WASHINGTON -- Despite a New York Times report to the contrary, the Catholic Health Association and the U.S. Conference of Catholic Bishops are working together to achieve health reform legislation that does not expand federal funding of abortion, according to the CHA president and CEO.
Sr. Carol Keehan, a Daughter of Charity, told Catholic News Service in a telephone interview Dec. 28 that her organization has never wavered in its commitment to health care that protects "from conception to natural death," as outlined in the CHA document, "Our Vision for U.S. Health Care."
She disputed a report in The New York Times Dec. 26 that a recent CHA statement on Senate negotiations over abortion funding in health reform legislation represented a split with the bishops.
"There is not a shred of disagreement between CHA and the bishops," Keehan said. "We believe there is a great possibility and probability that in conference committee we can work toward a solution that will prevent federal funding of abortion."
She said the CHA, which represents more than 600 Catholic hospitals in the U.S., "brings a lot of expertise with funding structures in the marketplace" to the debate and hopes to "bring that to bear" during the conference committee's work.
Shortly before the Senate approved its version of health reform legislation early Dec. 24, the chairmen of three USCCB committees said the bill should not be approved "without incorporating essential changes to ensure" that it "truly protects the life, dignity, consciences and health of all."
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In a letter sent late Dec. 22, about 36 hours before the Senate's 60-39 vote along party lines, the USCCB leaders pledged continued efforts to incorporate needed changes during the work of the House-Senate conference committee.
"For many months, our bishops' conference has worked with members of Congress, the administration and others to fashion health care reform legislation that truly protects the life, dignity, health and consciences of all," said the letter signed by Cardinal Daniel N. DiNardo of Galveston-Houston and Bishops William F. Murphy of Rockville Centre, N.Y., and John C. Wester of Salt Lake City.
The three chair the USCCB committees on Pro-Life Activities, on Domestic Justice and Human Development and on Migration, respectively.
"We regret to say that in all the areas of our moral concern, the Senate health care reform bill is deficient," the three chairmen added.
The bishops said their biggest problem with the Senate bill was its treatment of abortion funding, which "not only falls short of the House's standard but violates long-standing precedent in all other federal health programs."
In addition to not maintaining the legal status quo on abortion funding that has been supported by President Barack Obama and by the majority of Americans in many polls, the abortion provisions in the manager's amendment to the Senate bill would require purchasers of some health insurance plans "to pay for other people's abortions in a very direct and explicit way," the USCCB letter said.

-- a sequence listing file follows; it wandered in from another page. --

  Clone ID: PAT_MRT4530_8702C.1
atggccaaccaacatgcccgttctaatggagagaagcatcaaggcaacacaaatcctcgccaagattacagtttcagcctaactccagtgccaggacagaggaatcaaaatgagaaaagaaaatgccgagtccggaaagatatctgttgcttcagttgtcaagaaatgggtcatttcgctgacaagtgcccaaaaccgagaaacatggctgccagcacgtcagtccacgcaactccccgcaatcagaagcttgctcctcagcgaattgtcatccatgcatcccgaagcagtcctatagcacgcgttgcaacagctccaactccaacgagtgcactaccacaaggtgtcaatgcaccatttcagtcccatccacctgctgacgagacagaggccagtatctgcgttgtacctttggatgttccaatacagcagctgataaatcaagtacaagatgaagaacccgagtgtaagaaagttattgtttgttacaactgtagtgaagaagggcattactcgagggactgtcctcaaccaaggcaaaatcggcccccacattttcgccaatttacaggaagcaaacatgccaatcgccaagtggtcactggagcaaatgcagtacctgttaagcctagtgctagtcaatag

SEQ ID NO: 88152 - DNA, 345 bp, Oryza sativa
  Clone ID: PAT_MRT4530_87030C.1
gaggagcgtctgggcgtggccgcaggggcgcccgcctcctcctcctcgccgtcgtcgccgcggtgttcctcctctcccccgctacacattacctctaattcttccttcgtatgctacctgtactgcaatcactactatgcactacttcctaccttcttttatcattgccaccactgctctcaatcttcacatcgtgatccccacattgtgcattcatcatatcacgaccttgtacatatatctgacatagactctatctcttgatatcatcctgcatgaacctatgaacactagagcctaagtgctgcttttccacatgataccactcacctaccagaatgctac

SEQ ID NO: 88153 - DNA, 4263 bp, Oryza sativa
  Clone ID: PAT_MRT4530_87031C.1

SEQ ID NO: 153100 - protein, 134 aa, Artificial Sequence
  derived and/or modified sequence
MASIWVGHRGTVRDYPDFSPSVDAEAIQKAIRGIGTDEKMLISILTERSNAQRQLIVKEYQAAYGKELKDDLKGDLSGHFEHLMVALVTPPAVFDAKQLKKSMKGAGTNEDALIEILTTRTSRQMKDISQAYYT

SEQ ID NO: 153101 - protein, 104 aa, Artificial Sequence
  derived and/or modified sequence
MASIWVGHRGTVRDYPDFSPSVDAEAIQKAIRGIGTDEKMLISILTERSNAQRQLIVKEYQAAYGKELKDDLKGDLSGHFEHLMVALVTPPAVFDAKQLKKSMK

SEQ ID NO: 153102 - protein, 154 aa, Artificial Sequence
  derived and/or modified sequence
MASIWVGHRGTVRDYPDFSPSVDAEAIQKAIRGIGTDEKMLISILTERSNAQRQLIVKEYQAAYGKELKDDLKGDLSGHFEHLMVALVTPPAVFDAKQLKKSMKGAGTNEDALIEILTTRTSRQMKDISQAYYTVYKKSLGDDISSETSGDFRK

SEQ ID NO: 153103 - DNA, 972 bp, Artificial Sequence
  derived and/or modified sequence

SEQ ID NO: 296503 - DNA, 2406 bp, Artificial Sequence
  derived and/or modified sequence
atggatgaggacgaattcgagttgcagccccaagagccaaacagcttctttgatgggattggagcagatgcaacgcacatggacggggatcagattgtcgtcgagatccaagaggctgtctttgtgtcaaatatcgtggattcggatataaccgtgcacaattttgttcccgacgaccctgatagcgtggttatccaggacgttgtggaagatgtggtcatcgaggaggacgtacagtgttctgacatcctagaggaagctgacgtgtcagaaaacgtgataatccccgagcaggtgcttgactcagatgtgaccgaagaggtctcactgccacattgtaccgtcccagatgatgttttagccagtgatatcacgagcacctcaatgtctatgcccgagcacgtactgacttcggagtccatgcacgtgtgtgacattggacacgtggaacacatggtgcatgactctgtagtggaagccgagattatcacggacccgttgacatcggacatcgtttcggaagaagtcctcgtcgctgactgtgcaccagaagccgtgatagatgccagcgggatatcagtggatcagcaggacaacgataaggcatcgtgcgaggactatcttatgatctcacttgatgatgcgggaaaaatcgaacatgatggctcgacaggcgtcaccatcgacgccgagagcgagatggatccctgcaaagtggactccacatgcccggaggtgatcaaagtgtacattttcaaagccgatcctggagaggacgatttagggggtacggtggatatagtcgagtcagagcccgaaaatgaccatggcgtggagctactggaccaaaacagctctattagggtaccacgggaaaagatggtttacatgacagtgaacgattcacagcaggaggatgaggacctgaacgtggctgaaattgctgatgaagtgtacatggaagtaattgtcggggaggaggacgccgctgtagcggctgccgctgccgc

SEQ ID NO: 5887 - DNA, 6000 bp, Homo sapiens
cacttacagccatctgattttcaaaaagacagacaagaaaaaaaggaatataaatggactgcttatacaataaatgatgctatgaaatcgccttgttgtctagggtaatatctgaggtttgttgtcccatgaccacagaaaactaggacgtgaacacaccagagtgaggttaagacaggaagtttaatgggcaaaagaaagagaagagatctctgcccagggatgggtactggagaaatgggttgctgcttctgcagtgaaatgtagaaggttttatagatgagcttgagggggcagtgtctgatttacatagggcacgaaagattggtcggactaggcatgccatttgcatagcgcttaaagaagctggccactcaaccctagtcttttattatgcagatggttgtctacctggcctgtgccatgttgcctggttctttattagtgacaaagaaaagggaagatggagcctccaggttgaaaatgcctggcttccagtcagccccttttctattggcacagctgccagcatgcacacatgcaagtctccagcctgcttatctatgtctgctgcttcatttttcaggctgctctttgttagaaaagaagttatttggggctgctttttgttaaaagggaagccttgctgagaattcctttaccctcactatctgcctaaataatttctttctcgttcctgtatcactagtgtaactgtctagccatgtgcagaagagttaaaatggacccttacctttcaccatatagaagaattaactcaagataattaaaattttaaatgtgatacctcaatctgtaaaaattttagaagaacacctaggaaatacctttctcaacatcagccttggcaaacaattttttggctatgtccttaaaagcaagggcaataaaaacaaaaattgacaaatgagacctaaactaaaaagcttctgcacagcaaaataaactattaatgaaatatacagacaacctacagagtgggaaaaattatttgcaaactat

"There is no provision for individuals to opt out of this abortion payment in federally subsidized plans, so people will be required by law to pay for other people's abortions," it added.
The Senate bill also fails to include provisions to prevent "discrimination against health care providers that decline involvement in abortion" and would not protect the rights of Catholic and other institutions "to provide and purchase health coverage consistent with their moral and religious convictions on other procedures," the chairmen said.
The letter also urged changes in the Senate bill's provisions barring undocumented immigrants from purchasing health insurance from an exchange with their own money and banning legal immigrants from federal health benefit programs for five years.
Keehan said Times reporter David D. Kirkpatrick based his Dec. 26 story on a Dec. 17 CHA statement that noted that CHA had not reviewed the language of various amendments on the table at the time but was "encouraged by recent deliberations and the outline" Sen. Robert Casey, D-Pa., was developing.
At that point, "I felt they were making progress and were getting where we needed to be," she said.
"I understand that it doesn't make a good story to say [CHA and the USCCB] are working together," Keehan added. "But it would have been an honest story."
In an earlier statement, DiNardo said the USCCB would continue to oppose the Senate legislation "unless and until" it is amended to "comply with long-standing Hyde restrictions on federal funding of elective abortions and health plans that include them."
The Hyde amendment prohibits federal funding of abortion except in cases of rape, incest or threat to the woman's life.
On abortion, the USCCB had backed a bipartisan amendment sponsored by Sen. Ben Nelson, D-Neb., and others. Similar to a House-passed measure sponsored by Rep. Bart Stupak, D-Mich., the amendment would have incorporated the Hyde amendment protections into the health reform bill.
When the Senate tabled Nelson's amendment in a 54-45 vote Dec. 8, Cardinal Francis E. George of Chicago, USCCB president, and the three USCCB chairmen called it "a grave mistake and a serious blow to genuine health reform."
Nelson joined with the 57 other Senate Democrats and two independents in voting Dec. 19 to end debate on the health reform legislation, cutting off a Republican filibuster.
Nelson told the Lincoln Journal Star Dec. 23 that he "did not compromise my pro-life principles" by supporting the Senate language on abortion funding. "We just found different language that will work," he added.
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